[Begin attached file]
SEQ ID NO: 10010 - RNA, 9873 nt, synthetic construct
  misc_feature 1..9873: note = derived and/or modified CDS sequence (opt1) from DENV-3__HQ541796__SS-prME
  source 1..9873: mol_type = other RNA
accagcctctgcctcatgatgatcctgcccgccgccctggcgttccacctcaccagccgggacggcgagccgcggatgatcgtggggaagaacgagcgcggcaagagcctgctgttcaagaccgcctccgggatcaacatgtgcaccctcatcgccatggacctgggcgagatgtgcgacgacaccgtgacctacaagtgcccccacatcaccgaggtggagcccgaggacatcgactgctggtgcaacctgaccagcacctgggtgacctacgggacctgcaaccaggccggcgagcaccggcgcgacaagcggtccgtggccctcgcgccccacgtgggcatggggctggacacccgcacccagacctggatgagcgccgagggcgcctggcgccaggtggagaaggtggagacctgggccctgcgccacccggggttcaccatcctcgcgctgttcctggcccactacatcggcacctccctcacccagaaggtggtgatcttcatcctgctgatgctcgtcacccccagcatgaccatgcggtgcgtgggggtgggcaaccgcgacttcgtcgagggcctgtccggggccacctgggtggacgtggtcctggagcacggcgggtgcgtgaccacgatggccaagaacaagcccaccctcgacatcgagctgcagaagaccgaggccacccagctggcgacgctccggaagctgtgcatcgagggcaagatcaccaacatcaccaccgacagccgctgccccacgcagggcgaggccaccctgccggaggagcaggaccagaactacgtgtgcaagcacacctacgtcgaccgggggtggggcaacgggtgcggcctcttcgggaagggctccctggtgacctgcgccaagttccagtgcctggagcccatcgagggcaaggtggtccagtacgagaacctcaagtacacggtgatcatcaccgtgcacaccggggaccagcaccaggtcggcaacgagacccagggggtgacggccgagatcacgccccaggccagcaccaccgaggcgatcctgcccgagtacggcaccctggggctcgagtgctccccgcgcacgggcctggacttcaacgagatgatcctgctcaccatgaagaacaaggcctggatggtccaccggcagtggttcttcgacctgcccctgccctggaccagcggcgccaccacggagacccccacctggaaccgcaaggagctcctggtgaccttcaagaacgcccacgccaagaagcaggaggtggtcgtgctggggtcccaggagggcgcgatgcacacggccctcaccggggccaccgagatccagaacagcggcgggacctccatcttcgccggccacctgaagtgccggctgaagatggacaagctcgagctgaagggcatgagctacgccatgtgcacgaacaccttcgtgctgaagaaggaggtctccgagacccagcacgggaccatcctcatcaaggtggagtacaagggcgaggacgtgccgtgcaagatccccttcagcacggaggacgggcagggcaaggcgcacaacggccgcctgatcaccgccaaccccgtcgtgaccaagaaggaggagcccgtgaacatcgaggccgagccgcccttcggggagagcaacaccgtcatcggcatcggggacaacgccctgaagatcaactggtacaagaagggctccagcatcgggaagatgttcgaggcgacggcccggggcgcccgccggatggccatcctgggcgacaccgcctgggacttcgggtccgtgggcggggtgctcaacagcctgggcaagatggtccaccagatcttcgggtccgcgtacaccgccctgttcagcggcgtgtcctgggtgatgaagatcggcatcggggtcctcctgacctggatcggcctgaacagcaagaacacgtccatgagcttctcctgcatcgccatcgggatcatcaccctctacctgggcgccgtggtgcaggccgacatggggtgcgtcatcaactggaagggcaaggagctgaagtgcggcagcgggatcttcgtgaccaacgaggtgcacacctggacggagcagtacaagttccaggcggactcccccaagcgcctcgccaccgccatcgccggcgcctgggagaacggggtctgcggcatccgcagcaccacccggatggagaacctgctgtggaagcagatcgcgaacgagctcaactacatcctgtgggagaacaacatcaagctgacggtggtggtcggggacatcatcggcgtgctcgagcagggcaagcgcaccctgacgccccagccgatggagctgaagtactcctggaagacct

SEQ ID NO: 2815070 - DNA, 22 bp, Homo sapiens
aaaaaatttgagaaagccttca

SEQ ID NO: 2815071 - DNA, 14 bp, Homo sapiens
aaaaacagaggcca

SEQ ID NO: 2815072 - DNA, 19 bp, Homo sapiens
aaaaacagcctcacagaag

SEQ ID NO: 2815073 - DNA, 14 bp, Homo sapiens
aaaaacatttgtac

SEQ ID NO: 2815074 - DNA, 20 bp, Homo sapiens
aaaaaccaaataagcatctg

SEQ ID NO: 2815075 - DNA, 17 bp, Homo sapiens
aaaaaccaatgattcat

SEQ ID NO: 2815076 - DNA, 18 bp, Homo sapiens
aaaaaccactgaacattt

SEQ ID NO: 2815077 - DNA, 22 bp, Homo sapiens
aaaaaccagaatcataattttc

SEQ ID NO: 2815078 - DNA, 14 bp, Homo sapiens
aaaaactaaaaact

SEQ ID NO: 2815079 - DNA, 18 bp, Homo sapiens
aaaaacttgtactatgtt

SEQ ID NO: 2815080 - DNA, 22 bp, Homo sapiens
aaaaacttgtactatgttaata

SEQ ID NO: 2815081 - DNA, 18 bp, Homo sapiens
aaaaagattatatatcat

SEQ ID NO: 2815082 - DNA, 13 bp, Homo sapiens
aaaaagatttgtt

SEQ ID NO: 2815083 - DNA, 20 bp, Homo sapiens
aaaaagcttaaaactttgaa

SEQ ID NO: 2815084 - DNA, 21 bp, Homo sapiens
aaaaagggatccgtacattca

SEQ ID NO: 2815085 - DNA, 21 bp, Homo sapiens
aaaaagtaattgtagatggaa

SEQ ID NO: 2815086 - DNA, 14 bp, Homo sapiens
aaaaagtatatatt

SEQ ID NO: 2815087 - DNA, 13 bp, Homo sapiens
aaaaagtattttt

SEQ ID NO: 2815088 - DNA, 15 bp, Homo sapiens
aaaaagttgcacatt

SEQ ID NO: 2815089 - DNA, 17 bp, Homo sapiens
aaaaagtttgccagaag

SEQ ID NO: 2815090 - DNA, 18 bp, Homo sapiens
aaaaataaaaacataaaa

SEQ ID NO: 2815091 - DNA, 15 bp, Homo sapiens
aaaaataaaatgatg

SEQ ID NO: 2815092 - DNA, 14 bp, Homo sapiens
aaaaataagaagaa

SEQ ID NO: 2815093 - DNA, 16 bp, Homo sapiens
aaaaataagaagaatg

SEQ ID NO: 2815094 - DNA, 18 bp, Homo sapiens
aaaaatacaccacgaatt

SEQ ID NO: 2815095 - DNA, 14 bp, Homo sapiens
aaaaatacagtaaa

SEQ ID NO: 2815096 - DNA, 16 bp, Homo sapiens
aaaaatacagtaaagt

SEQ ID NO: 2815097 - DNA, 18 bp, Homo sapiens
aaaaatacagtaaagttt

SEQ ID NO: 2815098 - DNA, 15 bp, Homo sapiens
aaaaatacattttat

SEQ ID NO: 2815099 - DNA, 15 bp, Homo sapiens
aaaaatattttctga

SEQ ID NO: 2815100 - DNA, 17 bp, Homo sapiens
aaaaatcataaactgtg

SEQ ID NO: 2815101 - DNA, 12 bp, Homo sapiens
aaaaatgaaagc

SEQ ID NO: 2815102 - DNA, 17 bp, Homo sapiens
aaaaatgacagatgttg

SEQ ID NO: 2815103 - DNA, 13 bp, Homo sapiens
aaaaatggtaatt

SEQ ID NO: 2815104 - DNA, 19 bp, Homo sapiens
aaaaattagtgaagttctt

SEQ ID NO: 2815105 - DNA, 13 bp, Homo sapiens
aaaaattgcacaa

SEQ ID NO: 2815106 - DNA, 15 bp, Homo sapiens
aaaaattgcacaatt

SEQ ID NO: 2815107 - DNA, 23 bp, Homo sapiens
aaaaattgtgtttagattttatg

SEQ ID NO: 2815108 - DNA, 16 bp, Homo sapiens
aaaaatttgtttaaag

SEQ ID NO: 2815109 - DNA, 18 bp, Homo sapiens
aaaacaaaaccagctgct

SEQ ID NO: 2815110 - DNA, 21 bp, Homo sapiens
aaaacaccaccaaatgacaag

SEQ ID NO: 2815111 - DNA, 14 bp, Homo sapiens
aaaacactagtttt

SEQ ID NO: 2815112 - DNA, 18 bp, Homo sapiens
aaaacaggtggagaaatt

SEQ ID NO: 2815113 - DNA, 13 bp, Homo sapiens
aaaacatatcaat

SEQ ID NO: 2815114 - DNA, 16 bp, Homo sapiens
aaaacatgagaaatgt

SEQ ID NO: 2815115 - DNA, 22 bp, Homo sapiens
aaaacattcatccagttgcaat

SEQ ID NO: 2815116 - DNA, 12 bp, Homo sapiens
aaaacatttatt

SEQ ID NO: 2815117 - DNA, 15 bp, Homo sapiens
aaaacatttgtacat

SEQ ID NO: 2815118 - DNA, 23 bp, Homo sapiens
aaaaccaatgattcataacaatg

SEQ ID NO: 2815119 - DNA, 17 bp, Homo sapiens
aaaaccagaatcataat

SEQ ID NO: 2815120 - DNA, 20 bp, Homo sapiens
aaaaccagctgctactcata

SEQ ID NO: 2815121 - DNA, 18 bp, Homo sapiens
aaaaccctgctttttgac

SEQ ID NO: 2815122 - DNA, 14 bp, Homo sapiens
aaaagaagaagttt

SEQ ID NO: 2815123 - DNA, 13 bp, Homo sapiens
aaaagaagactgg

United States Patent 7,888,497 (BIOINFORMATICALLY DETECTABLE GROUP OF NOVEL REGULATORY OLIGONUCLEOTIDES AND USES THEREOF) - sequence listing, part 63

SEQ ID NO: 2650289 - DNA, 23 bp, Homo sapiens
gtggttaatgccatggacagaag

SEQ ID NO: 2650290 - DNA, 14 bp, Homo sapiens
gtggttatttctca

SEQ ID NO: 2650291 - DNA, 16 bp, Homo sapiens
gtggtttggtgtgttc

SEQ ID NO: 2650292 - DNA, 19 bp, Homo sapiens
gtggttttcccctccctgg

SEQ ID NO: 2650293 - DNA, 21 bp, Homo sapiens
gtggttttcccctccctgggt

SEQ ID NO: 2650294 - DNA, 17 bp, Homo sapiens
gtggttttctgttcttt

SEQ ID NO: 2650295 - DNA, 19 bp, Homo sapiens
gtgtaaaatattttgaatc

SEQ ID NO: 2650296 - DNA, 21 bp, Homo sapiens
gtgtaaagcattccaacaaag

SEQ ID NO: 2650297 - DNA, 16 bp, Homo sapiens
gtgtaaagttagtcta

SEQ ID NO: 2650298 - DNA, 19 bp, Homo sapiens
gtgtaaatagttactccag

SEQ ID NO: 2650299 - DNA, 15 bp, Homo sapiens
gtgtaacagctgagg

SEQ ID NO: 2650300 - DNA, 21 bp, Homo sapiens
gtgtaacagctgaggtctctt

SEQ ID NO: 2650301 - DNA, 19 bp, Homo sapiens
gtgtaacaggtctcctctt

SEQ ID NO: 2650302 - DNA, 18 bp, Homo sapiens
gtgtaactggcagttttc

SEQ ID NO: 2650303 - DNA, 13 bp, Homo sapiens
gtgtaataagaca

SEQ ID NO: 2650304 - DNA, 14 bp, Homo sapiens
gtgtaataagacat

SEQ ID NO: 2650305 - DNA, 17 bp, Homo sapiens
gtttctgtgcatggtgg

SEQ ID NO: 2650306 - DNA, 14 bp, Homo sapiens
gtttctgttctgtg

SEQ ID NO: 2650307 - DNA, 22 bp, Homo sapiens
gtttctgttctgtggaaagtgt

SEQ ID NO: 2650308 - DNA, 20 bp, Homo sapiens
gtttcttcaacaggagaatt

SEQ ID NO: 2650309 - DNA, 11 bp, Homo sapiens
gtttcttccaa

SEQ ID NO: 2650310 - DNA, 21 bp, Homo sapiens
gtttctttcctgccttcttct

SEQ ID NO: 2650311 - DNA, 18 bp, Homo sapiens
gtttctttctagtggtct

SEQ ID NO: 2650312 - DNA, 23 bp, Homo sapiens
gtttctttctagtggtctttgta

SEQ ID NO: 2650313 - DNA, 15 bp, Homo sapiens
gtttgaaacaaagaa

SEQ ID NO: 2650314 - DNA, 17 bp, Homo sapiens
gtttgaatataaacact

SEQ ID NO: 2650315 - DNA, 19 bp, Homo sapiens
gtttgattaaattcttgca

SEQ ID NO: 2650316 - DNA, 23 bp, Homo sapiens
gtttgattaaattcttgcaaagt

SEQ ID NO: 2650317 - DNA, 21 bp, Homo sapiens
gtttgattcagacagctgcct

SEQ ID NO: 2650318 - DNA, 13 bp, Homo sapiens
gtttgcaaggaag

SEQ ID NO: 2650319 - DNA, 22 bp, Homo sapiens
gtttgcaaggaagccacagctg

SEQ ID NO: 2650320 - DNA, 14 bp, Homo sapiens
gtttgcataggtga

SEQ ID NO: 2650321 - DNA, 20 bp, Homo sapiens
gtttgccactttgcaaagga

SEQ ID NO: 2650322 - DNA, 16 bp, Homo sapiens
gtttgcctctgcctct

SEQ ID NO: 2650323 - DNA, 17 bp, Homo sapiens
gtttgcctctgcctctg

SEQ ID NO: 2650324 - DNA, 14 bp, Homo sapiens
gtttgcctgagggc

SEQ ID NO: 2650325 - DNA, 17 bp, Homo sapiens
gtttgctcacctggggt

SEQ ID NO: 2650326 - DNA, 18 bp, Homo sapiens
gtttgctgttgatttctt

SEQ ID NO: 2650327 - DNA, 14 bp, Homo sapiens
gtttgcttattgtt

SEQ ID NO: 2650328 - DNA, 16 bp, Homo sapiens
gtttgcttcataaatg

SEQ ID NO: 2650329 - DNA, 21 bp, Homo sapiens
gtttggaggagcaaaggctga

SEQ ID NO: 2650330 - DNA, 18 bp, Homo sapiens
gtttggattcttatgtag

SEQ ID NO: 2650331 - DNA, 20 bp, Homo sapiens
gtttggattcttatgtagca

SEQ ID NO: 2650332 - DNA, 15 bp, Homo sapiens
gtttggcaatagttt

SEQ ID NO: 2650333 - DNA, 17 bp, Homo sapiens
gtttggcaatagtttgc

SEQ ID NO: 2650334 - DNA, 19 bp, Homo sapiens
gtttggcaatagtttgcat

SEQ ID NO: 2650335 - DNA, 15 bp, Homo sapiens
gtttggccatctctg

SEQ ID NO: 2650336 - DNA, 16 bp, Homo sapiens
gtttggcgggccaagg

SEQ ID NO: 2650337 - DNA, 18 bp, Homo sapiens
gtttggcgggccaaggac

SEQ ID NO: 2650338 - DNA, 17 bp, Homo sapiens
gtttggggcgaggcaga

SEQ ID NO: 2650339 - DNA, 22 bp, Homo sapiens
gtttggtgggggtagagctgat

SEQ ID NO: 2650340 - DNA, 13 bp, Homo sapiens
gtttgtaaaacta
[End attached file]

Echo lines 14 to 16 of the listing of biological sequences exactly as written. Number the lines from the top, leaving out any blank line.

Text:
aaaaaccaaataagcatctg

SEQ ID NO: 2815075 - DNA, 17 bp, Homo sapiens
aaaaaccaatgattcat